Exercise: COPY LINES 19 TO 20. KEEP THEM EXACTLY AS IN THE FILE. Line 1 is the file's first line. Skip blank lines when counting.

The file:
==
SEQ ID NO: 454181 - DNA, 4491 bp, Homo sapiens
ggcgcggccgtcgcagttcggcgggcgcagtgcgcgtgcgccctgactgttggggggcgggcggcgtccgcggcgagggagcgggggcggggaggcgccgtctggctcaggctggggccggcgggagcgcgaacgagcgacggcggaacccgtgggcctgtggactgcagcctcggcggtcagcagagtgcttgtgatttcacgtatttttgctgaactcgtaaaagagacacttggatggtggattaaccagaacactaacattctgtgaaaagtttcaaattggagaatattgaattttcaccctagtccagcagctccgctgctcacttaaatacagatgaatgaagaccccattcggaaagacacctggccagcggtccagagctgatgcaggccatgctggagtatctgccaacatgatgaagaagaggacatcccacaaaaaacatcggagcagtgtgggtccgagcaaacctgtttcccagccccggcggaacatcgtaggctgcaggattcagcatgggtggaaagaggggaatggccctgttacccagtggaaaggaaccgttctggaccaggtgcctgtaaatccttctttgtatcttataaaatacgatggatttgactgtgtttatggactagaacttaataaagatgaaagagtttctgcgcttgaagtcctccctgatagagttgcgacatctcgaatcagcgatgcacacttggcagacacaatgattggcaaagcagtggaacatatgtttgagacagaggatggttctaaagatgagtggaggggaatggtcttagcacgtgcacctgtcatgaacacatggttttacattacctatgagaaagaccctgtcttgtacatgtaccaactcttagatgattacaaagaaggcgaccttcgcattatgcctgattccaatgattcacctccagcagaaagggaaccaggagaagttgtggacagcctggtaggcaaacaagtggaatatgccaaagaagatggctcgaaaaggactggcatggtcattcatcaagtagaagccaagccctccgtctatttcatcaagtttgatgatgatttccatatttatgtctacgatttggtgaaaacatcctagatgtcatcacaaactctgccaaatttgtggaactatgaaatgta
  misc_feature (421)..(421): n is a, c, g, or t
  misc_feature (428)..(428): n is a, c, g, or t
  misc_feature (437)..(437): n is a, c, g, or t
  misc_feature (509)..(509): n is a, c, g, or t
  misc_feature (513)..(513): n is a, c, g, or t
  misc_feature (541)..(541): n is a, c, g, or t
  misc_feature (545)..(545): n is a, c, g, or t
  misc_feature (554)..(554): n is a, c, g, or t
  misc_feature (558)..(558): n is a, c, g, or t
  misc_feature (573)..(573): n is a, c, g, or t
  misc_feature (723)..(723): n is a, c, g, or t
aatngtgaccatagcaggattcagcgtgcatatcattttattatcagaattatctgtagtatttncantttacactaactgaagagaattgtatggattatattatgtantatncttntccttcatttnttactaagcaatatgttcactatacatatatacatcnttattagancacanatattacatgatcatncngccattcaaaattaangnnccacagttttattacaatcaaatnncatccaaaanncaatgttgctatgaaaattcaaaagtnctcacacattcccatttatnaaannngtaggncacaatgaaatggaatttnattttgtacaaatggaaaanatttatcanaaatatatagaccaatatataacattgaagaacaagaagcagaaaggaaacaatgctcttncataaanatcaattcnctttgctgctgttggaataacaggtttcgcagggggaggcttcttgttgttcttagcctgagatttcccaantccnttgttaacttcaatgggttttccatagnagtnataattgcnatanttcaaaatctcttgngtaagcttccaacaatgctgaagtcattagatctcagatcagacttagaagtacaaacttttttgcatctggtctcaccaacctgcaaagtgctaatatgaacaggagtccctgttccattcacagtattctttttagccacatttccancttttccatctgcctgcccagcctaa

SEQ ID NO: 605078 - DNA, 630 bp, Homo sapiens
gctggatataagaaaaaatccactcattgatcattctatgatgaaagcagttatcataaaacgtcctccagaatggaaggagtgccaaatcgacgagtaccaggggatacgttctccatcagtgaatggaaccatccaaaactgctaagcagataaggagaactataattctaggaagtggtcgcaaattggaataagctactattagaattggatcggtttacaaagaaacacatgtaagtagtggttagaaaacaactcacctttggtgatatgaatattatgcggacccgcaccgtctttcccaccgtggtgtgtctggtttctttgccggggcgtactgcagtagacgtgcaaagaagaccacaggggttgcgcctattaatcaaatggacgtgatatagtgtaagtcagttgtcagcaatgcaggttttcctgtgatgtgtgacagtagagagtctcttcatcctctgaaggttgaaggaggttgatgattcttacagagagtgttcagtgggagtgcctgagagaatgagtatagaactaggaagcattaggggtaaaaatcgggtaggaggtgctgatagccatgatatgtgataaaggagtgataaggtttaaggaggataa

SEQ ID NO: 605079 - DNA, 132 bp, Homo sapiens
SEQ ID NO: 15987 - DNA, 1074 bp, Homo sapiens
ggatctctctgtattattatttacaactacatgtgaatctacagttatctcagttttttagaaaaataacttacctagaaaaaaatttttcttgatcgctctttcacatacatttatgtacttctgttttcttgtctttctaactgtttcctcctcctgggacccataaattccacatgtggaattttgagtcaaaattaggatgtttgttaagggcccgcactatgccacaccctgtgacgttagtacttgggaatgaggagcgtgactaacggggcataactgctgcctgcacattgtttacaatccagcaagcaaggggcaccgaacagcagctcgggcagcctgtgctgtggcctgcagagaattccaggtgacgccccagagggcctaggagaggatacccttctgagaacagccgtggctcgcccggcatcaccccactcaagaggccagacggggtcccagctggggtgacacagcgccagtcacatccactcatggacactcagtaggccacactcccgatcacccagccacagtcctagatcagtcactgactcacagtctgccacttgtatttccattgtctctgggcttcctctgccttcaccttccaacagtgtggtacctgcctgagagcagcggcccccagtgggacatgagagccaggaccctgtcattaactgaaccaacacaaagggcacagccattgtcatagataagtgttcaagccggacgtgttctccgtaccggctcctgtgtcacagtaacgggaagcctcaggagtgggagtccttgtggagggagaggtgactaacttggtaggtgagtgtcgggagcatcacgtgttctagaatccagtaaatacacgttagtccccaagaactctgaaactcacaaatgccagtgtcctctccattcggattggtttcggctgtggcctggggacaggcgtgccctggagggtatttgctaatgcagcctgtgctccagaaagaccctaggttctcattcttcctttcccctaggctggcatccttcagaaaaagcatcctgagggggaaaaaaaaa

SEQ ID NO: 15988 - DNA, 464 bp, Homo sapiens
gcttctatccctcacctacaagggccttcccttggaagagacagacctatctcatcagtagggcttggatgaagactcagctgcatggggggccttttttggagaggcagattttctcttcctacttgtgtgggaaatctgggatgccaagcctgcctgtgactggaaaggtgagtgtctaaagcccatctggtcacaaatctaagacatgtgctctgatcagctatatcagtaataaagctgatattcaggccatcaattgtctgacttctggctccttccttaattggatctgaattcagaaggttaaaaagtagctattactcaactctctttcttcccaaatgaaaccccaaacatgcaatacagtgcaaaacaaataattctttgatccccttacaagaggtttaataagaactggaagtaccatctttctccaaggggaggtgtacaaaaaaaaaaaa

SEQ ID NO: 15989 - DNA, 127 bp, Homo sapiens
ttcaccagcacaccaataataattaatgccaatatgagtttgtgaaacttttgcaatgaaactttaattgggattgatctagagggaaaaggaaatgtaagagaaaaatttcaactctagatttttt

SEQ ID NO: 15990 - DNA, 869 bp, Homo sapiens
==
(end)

ggatctctctgtattattatttacaactacatgtgaatctacagttatctcagttttttagaaaaataacttacctagaaaaaaatttttcttgatcgctctttcacatacatttatgtacttctgttttcttgtctttctaactgtttcctcctcctgggacccataaattccacatgtggaattttgagtcaaaattaggatgtttgttaagggcccgcactatgccacaccctgtgacgttagtacttgggaatgaggagcgtgactaacggggcataactgctgcctgcacattgtttacaatccagcaagcaaggggcaccgaacagcagctcgggcagcctgtgctgtggcctgcagagaattccaggtgacgccccagagggcctaggagaggatacccttctgagaacagccgtggctcgcccggcatcaccccactcaagaggccagacggggtcccagctggggtgacacagcgccagtcacatccactcatggacactcagtaggccacactcccgatcacccagccacagtcctagatcagtcactgactcacagtctgccacttgtatttccattgtctctgggcttcctctgccttcaccttccaacagtgtggtacctgcctgagagcagcggcccccagtgggacatgagagccaggaccctgtcattaactgaaccaacacaaagggcacagccattgtcatagataagtgttcaagccggacgtgttctccgtaccggctcctgtgtcacagtaacgggaagcctcaggagtgggagtccttgtggagggagaggtgactaacttggtaggtgagtgtcgggagcatcacgtgttctagaatccagtaaatacacgttagtccccaagaactctgaaactcacaaatgccagtgtcctctccattcggattggtttcggctgtggcctggggacaggcgtgccctggagggtatttgctaatgcagcctgtgctccagaaagaccctaggttctcattcttcctttcccctaggctggcatccttcagaaaaagcatcctgagggggaaaaaaaaa

SEQ ID NO: 15988 - DNA, 464 bp, Homo sapiens